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The 4 Phases of Implementation

Filed Under Software Process, Thought Stuff

Let’s admit it, sometimes building software is an emotional roller coaster for both developer and management. Most project kick offs happen with enthusiasm and optimism; when in fact, crossing your fingers, closing your eyes, and jumping into the unknown would probably more accurately describe it.

Awhile back, Scott Sehlhorst helped visualize a reference to the 4 phases that customers go through when interacting with new software. However, when I glanced at it, I thought that it was very similar to the morale of a team during the development lifecycle.

4 Phases of Implementation Chart
Photo provided by Tyner Blain

Regardless of team maturity, every project initially falls prey to the optimism of the Gut Instinct Equation. Even in tightly run SCRUM projects where velocity is being tracked rigorously, I have seen over zealous perceptions of progress followed by the Oh Shoot! moment.

Eventually teams rebound, acceptance of reality occurs, and they move onto victory. Just remember that if you have a Oh Shoot! moment follow these simple steps to get yourself out:

  1. Calculate your team’s velocity
  2. Estimate the remaining amount of work
  3. Build a battle plan around your calculations and estimates
  4. Make a contingency plan in case the Oh Shoot! was actually Oh Shit!

Going through a Oh Shoot! phase is never a project killer. Just be willing to adapt and eventually your Oh Shoot! will evolve to the Oh Wow! phase.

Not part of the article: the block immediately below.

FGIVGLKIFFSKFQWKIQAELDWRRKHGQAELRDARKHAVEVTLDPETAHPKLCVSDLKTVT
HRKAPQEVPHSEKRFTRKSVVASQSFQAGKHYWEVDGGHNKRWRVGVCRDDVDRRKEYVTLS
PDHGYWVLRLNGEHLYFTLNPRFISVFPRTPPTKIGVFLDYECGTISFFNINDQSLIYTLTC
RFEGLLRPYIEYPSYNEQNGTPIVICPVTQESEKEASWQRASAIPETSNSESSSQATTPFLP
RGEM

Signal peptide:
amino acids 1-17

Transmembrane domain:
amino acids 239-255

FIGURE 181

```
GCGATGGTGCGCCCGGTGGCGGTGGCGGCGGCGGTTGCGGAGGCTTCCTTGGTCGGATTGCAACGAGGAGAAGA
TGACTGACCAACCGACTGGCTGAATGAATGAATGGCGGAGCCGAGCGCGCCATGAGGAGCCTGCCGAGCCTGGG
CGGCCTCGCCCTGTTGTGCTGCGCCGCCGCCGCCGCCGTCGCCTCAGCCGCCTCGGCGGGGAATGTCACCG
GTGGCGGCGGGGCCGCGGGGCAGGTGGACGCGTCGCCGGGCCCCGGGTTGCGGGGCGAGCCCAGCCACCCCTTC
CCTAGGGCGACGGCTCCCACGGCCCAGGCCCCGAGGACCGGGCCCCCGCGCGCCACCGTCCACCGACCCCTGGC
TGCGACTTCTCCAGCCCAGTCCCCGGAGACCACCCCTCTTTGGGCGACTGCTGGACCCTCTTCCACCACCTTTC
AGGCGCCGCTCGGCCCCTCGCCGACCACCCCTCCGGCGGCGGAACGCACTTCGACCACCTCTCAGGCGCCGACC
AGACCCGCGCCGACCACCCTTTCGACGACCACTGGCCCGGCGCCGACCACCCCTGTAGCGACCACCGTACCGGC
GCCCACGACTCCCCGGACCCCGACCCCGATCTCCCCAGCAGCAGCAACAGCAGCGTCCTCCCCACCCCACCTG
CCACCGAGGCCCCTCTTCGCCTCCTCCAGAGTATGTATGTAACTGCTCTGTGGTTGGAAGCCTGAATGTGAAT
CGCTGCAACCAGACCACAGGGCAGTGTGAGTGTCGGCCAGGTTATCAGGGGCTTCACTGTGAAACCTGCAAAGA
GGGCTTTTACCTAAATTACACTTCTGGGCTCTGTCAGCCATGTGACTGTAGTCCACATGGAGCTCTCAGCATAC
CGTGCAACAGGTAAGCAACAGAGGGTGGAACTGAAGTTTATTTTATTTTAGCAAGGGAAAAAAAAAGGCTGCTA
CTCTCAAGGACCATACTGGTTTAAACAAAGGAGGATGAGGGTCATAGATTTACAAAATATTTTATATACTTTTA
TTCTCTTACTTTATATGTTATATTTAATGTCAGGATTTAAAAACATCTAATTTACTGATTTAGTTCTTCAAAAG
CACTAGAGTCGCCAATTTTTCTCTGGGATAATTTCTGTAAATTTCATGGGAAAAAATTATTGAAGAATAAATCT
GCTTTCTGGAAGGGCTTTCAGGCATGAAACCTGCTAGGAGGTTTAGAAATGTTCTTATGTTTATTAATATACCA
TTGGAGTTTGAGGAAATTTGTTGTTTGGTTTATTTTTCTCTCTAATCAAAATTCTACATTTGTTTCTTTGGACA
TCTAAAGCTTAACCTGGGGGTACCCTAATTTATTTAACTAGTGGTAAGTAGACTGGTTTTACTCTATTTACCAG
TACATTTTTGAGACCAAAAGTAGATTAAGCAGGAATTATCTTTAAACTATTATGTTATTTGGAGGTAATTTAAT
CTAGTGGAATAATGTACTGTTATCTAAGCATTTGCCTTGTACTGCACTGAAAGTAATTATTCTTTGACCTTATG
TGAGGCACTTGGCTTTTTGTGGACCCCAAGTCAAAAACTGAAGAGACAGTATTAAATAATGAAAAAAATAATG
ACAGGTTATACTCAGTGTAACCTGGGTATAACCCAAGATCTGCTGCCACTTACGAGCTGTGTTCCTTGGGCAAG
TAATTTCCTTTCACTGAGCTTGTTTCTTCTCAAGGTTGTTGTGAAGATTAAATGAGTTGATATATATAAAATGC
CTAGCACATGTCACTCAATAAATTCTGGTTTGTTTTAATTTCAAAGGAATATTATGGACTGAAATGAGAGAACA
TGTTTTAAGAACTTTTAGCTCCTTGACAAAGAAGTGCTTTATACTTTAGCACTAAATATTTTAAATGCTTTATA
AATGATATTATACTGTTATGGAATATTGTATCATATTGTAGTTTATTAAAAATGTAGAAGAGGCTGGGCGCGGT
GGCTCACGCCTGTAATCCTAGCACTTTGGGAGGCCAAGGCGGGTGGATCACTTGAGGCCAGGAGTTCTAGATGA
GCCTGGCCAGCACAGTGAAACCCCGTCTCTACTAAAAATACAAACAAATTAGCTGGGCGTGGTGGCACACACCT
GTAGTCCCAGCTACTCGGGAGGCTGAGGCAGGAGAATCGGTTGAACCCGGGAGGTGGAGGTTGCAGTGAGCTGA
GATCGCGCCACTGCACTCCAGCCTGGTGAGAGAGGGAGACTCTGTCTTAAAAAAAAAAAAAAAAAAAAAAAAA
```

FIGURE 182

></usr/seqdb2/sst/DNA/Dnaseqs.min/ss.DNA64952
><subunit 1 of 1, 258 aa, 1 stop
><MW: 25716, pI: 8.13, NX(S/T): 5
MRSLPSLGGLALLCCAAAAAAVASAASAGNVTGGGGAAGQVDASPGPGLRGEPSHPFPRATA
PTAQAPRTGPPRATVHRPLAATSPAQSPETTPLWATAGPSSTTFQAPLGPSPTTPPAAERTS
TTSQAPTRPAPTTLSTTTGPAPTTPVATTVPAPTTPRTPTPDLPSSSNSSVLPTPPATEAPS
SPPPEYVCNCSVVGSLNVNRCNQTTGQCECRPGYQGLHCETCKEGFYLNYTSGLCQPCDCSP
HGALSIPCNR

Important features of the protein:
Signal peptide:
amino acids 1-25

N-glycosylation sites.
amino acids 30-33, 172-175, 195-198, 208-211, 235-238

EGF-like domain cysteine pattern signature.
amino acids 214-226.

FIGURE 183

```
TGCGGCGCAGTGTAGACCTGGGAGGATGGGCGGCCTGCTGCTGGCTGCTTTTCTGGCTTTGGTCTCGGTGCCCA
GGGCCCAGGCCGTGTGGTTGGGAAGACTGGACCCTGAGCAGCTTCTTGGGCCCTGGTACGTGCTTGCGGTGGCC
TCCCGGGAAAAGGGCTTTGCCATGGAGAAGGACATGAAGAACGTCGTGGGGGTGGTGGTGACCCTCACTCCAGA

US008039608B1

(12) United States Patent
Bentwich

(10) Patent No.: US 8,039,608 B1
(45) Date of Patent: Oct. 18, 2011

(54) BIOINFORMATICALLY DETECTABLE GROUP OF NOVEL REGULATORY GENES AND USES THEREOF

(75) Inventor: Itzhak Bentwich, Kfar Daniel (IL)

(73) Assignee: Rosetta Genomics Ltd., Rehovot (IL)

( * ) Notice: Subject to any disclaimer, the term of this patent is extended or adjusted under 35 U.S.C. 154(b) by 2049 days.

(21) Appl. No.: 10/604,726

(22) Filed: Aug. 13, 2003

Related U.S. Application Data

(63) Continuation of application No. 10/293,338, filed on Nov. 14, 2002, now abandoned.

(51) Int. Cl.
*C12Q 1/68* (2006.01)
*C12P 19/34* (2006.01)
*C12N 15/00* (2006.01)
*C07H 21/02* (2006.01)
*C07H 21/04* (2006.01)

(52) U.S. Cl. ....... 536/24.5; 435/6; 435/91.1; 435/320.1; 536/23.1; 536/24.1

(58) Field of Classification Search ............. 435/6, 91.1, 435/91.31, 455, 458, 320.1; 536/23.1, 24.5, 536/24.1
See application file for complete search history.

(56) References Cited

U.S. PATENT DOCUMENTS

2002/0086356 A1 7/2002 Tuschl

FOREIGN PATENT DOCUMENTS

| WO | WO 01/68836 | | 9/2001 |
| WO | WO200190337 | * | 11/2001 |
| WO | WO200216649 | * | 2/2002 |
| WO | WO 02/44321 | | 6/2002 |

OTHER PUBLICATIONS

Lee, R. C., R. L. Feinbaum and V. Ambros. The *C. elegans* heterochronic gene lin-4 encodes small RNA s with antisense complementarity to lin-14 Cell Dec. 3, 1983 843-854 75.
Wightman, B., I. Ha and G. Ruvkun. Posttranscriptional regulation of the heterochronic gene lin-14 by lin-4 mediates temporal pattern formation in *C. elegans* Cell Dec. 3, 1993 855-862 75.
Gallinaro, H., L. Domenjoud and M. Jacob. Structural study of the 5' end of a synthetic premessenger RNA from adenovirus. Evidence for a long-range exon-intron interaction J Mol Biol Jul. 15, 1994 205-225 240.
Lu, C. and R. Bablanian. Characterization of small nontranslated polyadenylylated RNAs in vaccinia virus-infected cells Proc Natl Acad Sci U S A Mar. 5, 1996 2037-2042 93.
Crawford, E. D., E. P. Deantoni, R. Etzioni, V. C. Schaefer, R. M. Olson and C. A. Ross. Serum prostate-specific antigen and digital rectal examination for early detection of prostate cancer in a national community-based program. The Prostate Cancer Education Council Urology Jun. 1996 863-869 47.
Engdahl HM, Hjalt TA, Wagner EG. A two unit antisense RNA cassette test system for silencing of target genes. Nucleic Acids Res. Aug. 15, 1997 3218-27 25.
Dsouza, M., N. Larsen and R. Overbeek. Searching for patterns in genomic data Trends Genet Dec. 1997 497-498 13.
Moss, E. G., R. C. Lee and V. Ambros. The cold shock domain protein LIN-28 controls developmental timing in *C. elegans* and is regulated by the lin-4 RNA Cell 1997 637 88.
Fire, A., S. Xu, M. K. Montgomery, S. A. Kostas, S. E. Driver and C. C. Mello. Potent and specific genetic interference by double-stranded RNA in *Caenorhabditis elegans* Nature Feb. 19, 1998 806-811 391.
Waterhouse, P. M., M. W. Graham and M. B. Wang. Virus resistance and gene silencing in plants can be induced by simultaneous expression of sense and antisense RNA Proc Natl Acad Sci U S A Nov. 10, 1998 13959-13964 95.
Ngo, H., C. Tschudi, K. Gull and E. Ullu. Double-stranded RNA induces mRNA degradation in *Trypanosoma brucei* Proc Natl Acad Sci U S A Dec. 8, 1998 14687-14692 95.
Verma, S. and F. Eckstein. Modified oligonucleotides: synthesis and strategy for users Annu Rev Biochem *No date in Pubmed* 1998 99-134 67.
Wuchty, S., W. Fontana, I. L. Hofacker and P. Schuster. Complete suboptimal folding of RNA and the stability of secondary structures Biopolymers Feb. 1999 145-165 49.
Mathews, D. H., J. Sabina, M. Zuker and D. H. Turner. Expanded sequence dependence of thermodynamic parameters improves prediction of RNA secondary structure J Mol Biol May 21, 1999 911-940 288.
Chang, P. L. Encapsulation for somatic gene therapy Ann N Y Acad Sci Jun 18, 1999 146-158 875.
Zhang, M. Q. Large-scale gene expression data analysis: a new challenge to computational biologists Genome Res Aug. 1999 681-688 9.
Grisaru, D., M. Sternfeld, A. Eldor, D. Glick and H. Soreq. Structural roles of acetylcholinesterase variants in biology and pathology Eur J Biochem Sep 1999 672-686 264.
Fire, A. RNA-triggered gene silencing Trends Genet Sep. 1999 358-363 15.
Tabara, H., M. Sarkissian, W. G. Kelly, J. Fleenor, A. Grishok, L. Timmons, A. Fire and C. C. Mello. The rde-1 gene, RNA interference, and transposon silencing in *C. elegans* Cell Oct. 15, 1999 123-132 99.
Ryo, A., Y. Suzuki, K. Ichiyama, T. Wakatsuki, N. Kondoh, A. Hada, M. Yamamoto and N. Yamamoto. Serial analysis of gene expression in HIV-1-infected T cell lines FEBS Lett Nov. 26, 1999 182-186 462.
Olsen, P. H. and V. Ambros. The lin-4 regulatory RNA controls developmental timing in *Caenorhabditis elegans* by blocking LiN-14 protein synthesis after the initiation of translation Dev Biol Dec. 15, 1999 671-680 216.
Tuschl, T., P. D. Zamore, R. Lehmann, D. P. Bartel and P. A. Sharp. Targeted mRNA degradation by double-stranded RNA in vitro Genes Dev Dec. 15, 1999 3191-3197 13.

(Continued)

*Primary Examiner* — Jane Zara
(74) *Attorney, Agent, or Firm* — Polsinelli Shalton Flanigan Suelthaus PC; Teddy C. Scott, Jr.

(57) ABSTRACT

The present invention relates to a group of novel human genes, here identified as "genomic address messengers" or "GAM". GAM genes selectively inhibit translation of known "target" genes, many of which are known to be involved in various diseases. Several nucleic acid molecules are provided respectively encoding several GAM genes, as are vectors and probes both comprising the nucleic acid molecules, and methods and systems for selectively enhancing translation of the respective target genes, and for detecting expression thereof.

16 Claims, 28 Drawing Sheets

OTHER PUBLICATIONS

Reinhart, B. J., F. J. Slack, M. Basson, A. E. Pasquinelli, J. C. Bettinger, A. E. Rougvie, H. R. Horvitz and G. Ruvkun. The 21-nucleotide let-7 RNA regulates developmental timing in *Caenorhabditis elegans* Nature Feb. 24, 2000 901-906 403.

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2 Responses to “The 4 Phases of Implementation”

  1. Chip Overclock on September 26th, 2007 6:07 am

    I’ve always likened large development projects to those “magic eye” pictures: they seem utter chaos then suddenly they come into focus and you see dolphins flying in space or something other silly thing. Projects over the past decade have been that way to me: iteration after iteration, bug fix after bug fix, meeting after meeting, and then they come into focus and you ship. To be fair, the project manager has a better vision of project progress than I do, with my arms in code up to my shoulders and thinking more about the current iteration than the big picture.

  2. Scott Sehlhorst on September 26th, 2007 6:50 am

    Great article, Max. I would add that the ‘estimate amount of remaining work’ step also involves communication with the team (and external stakeholders) about the nearness of goals and objectives. Think about it in terms of running a race – you focus on how close you are to the finish line, not how far you are from the starting blocks.

    Thanks for the reference, keep up the good.

    Also – love the magic-eye reference, Chip!

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